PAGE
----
Miao Liansheng, chairman of Yingli Green Energy Holding, stands next to the company's Panda solar panel at the Intersolar North America conference in San Francisco on July 14. [Photo/Agencies]
Solar energy company remains unfazed by recent trade disputes
Chinese solar company Yingli Green Energy Holding is still bullish about the US solar market and expects a 50 percent increase in solar cell shipments to the country next year, despite recent trade disputes, the company's chairman said on Wednesday.
"The US investigation is irresponsible and the Ministry of Commerce has organized some Chinese solar companies to work out responses to the US move," said Yingli Chairman Miao Liansheng on the sidelines of an annual trade conference in Haikou, capital of Hainan province.
"The investigation will not affect our business in the US solar market the growing market demand says it all," he said.
Miao's remarks came after the US government announced last Friday that it would proceed with an investigation into China's alleged violation of World Trade Organization rules by supporting its renewable energy industry. The United Steelworkers union had requested the probe.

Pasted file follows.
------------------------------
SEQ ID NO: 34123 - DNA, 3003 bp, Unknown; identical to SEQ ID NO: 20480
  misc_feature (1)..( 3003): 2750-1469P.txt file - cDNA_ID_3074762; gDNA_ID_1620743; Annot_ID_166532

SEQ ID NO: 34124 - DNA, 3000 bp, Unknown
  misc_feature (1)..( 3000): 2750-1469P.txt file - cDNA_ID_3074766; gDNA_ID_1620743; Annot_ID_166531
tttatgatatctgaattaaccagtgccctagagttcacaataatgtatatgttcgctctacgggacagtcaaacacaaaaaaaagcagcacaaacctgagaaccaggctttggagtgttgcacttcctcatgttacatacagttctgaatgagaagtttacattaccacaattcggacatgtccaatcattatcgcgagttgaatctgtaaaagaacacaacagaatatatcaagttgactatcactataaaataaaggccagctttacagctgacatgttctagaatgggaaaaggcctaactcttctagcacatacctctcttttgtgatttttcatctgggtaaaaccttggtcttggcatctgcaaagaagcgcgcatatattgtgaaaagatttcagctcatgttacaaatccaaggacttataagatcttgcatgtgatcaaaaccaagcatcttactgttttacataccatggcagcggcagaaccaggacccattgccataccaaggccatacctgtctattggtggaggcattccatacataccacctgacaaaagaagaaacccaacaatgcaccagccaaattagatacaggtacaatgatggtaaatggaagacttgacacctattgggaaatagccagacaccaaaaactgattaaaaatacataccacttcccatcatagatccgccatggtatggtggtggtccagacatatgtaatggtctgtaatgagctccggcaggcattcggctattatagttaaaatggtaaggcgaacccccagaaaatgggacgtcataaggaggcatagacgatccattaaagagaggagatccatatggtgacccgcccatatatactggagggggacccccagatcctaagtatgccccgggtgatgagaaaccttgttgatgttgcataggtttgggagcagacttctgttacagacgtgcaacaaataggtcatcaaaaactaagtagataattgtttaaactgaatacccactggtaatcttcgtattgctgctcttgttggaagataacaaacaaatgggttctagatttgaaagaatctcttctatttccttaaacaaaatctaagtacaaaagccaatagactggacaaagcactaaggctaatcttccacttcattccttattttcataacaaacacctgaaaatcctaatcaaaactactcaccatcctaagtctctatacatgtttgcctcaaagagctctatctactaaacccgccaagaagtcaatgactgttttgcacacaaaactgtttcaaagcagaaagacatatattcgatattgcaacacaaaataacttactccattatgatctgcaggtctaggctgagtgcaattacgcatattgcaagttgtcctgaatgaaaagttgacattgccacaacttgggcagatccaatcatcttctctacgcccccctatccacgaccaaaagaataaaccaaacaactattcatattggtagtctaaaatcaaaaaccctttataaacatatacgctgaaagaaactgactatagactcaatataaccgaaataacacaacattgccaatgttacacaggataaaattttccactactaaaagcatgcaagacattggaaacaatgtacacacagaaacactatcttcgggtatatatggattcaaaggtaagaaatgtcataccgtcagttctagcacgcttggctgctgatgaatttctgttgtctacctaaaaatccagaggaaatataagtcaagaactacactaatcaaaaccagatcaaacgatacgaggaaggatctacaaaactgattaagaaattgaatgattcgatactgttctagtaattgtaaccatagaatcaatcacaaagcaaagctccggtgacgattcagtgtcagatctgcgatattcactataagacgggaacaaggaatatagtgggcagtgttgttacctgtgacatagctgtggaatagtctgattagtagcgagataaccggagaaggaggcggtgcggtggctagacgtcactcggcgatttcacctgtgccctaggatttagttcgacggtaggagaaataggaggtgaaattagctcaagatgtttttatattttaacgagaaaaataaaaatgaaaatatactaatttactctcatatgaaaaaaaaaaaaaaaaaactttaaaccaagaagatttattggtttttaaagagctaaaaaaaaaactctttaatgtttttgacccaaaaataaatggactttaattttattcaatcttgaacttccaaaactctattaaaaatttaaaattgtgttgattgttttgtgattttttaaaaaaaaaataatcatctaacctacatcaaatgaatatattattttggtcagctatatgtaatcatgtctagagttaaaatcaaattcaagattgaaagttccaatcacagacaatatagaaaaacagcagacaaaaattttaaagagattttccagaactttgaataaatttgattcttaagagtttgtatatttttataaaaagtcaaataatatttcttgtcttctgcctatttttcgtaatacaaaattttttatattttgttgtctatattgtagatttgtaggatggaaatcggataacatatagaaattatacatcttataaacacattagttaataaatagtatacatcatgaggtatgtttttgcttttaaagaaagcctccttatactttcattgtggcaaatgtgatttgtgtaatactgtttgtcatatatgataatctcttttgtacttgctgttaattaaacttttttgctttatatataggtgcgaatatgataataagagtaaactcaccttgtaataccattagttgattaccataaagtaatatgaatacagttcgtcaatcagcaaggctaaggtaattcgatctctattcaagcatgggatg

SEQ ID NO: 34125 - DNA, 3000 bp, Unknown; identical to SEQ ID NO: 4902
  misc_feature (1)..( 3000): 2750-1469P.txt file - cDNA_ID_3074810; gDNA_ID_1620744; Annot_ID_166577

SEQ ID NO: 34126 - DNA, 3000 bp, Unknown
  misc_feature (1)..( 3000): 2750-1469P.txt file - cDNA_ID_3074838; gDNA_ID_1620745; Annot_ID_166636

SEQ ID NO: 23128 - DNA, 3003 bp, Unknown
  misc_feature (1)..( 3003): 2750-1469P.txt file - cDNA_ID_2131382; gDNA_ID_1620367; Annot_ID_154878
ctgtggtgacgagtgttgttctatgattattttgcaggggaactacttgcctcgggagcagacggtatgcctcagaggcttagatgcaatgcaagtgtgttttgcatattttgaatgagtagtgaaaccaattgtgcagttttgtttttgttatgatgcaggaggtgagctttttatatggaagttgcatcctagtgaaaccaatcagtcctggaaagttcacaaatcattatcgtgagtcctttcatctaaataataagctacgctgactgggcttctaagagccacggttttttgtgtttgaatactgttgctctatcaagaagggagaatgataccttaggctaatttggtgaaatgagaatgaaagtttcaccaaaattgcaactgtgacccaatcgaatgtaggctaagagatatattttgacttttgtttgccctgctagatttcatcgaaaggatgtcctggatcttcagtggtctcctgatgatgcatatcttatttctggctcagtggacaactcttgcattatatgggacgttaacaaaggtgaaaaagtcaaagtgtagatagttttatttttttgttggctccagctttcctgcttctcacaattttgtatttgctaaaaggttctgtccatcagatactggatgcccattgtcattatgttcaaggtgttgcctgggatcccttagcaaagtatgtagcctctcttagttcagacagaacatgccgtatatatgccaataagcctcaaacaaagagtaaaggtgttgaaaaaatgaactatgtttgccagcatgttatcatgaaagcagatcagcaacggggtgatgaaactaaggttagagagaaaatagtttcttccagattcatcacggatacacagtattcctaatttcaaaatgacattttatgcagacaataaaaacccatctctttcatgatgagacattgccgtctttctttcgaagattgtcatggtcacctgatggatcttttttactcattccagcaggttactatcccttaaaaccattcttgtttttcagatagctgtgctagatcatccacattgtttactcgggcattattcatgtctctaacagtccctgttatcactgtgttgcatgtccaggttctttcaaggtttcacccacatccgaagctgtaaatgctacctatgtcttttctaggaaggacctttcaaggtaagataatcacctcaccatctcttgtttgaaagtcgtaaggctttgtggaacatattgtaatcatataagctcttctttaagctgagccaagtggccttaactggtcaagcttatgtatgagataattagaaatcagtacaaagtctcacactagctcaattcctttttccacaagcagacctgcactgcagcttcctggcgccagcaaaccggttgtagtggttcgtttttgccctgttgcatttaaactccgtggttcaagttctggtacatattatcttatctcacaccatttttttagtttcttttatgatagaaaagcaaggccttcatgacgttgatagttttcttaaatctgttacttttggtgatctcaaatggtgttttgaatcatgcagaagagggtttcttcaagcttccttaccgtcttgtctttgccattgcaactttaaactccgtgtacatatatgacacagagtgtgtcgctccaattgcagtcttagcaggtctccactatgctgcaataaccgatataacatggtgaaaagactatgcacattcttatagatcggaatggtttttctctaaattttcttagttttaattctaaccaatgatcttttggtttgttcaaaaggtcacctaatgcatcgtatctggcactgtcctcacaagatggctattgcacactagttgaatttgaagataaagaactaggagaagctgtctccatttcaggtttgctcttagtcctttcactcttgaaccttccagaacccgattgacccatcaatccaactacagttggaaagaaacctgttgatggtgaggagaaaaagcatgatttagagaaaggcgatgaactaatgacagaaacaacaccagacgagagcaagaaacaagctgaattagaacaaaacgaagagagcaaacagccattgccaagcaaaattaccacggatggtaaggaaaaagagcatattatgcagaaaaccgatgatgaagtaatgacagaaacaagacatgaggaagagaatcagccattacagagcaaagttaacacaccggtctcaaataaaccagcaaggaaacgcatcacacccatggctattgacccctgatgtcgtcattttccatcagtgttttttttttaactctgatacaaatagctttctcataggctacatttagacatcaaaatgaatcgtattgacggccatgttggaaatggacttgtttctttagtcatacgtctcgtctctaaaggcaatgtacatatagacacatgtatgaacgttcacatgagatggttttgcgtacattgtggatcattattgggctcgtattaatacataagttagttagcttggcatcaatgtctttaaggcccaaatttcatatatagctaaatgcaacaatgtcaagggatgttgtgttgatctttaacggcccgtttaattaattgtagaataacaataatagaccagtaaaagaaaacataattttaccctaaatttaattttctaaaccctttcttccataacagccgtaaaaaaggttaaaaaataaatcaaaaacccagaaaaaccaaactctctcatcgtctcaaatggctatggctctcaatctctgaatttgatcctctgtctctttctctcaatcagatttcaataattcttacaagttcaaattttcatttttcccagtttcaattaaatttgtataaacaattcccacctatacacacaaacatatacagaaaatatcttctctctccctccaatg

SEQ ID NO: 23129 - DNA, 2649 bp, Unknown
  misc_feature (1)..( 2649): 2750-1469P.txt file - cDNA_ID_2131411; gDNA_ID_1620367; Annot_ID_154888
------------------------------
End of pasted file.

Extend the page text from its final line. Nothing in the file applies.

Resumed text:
"The complaint only presents a small group's benefits. Our customers won't agree as they benefit from lower costs to build more plants and bring more job opportunities," said Wang Yiyu, the company's chief executive officer.
"We have no problem achieving a 10 percent market share of the US solar market, and will probably have 12 percent of the market share next year," he said.
Environment advocate Robert Kennedy Jr also said at the conference that the US government's move is a shortsighted one and it should learn from China's commitment to renewable energy.
Yingli is one of several Chinese companies that entered the US market last year. The company's sales revenue from the US market accounted for 5 percent of its global volume and that is expected to hit 10 percent of its total revenue this year as demand for solar modules continues to grow.
Sales of solar equipment have risen this year as buyers rushed to stock products before European governments axed subsidies for solar energy systems in major markets including Germany, the world's largest solar market, Italy and Spain.
Chinese solar companies are adding capacity to increase production of solar cells to keep up with the growing demand.
Yingli announced on Tuesday that it will expand capacity from the current 1 gigawatt (gW) to 1.7 gW next year by building up new manufacturing lines in Haikou, and Baoding in Hebei province.
But oversupply conditions may resume in 2011 after subsidy changes in key markets, pressuring average selling prices and margins, analysts said.